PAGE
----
I mentioned that my family is focusing on our kitchen. Holy junk mail. I don’t think I’ve ordered from a catalog for at least 9 years, but there is my kitchen table covered in catalogs that I have to hold until I tear off my identifying information. Maddening. So, I stand at my kitchen table and tear off my name and address. I put the catalog in the recycling pile and the address in the shredding pile. It’s a long process. The task doesn’t seem to quite end.

Mail is the ugly clutter cause in my house, but the cause will be different for each of us. Don’t just clean it up. Cut the clutter by finding the cause and cutting it off. You can actually opt-out of a lot of junk mail, including pre-screened credit and insurance offers or catalog, through direct-mail associations. You probably also need a place to put the stuff that legitimately requires your attention: incoming mail, invitations to keep, and bank statements. Get rid of what you can, then organized what you can’t.

Just identify your clutter causes, and address those in addition to clearing out clutter and cleaning the house.

Then, Keep It Clean

Need a guide to regularly keeping your house in order? This may seem like an odd suggestion, but I find Martha Stewart’s home organizing and housekeeping printable checklists just the kind of relentless system that keeps me from trying to justify not cleaning. If you are keeping a family binder, even better. You can print 6 things to do every day, weekly or monthly lists, seasonal lists, and specialized lists for maintenance and for moving.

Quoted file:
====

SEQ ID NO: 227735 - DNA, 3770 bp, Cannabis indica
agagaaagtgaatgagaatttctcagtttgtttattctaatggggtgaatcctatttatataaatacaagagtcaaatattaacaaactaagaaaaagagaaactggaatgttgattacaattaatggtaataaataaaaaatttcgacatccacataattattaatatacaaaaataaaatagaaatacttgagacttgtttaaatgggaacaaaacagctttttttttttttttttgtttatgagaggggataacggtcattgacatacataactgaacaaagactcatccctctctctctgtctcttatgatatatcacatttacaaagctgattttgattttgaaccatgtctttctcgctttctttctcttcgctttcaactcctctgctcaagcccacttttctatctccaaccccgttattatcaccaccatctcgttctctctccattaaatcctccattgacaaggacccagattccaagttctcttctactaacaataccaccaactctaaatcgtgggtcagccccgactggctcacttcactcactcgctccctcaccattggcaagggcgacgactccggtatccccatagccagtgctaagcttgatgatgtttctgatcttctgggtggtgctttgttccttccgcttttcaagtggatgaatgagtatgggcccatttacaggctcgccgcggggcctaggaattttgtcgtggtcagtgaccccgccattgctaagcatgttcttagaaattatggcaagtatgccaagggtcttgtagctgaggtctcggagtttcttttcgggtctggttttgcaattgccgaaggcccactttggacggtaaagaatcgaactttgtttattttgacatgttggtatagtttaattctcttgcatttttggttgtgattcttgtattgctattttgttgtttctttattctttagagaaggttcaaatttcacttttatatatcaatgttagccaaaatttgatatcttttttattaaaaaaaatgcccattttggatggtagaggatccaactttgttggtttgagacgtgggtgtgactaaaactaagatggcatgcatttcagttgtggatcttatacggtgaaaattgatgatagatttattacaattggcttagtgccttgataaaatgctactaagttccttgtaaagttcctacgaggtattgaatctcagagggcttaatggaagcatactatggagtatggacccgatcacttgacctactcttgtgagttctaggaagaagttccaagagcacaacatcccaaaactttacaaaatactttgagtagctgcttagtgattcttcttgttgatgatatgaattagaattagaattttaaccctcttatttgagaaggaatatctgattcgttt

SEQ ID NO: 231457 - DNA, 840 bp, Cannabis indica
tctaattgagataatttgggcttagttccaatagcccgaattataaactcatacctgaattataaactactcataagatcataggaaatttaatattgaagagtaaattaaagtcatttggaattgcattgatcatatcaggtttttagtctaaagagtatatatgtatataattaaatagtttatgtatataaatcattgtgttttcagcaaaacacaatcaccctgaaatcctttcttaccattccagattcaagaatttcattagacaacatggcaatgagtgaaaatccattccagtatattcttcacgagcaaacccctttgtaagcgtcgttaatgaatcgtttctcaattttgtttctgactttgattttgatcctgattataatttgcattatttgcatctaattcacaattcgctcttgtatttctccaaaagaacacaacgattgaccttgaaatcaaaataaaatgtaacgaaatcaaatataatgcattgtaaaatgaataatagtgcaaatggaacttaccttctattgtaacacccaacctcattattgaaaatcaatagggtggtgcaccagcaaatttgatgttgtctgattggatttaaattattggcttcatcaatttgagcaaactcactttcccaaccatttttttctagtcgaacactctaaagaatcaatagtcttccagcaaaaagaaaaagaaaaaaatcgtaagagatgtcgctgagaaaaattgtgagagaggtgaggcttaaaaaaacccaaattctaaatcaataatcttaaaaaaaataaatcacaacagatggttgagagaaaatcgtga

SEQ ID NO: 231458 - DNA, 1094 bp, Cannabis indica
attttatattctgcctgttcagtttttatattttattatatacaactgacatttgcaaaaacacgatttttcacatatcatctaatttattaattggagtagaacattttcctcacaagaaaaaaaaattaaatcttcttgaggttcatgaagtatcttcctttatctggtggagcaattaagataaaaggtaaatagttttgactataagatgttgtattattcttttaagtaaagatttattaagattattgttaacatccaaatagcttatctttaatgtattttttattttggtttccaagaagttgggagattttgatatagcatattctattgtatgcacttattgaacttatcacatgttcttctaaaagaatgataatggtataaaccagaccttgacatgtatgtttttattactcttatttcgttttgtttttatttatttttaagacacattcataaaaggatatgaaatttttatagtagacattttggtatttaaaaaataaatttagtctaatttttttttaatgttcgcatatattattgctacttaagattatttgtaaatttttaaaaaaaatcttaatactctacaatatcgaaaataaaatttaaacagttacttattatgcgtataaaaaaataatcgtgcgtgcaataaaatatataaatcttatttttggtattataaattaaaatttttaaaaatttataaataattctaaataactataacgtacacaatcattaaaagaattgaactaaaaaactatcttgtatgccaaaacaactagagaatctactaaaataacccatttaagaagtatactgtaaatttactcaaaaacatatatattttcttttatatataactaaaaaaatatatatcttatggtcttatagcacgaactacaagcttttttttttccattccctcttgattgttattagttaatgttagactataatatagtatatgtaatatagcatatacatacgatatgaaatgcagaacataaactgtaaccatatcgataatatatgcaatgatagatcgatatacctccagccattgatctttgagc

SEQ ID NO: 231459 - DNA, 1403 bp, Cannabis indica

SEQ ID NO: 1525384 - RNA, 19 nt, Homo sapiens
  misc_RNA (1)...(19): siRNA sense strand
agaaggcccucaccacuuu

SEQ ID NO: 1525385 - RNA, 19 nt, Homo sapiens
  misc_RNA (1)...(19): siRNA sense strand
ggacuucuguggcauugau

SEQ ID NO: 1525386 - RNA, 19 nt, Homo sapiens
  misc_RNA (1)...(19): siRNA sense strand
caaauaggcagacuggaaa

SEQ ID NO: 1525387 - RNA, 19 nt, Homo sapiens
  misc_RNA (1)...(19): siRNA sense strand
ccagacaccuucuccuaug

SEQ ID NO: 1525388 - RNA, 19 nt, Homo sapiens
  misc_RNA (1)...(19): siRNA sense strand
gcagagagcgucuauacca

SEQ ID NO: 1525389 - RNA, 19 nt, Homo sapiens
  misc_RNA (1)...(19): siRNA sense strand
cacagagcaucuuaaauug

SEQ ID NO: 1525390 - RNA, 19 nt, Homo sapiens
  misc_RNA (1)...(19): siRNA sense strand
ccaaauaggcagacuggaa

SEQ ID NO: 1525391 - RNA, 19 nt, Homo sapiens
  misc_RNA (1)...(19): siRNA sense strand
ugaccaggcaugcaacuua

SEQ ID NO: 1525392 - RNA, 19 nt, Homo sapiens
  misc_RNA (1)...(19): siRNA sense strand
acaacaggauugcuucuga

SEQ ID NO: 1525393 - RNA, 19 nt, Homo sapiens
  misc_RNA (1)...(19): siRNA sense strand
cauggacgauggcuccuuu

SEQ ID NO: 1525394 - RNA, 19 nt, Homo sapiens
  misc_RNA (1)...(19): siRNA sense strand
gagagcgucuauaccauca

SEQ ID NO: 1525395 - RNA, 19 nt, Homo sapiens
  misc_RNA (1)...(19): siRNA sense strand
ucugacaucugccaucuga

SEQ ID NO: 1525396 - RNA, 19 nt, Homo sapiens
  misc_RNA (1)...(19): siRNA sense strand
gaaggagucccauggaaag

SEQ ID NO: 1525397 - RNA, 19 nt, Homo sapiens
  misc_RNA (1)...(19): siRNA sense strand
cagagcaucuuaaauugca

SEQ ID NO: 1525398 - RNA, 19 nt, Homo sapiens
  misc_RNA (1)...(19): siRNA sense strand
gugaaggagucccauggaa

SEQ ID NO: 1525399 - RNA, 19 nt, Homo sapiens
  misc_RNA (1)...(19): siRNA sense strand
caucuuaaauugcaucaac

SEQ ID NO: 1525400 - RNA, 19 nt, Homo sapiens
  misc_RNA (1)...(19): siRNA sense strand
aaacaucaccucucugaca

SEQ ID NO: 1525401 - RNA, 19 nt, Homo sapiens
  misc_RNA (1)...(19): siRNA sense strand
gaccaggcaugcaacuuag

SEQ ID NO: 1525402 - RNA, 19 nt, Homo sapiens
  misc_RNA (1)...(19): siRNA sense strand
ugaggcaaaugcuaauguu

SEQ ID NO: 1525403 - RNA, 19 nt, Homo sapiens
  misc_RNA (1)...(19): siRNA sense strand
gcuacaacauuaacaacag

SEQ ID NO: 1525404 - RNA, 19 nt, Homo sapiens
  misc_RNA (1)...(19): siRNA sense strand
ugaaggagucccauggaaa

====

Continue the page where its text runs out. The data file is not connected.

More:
It’s a place to start, so you don’t have an excuse not to.

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Will Family Meetings Help You?

Family meeting

Bringing ourselves to focus on what we want, making our expectations explicit, can help every family member come to a shared understanding about family chores, activities, highs, and lows. A simple family meeting gives you structure to make common ground happen.

Mindful Family

Over the past few months I’ve considered how mindfulness helps us as individuals, as parents, in teaching our children, and in our marriages or partnerships.

I find that meeting new ideas tends to be easier than integrating those new ideas into the fabric of life. So, now I’m sharing with you how my family is pulling mindfulness into our routines.

We’ve held family meetings on and off since my children were about 5-8 years old. It’s like meditation—you wander then you return. No judgment, just return.

We’re returning again, this time with a structure I picked up from Marcia Naomi Berger’s Marriage Meetings for Lasting Love: 30 Minutes a Week to the Relationship You’ve Always Wanted (2014).

Family Meeting Agenda

We are in week three of marriage meetings, which we started to celebrate our 20th anniversary, and in week two of family meetings. This is the easy part, though.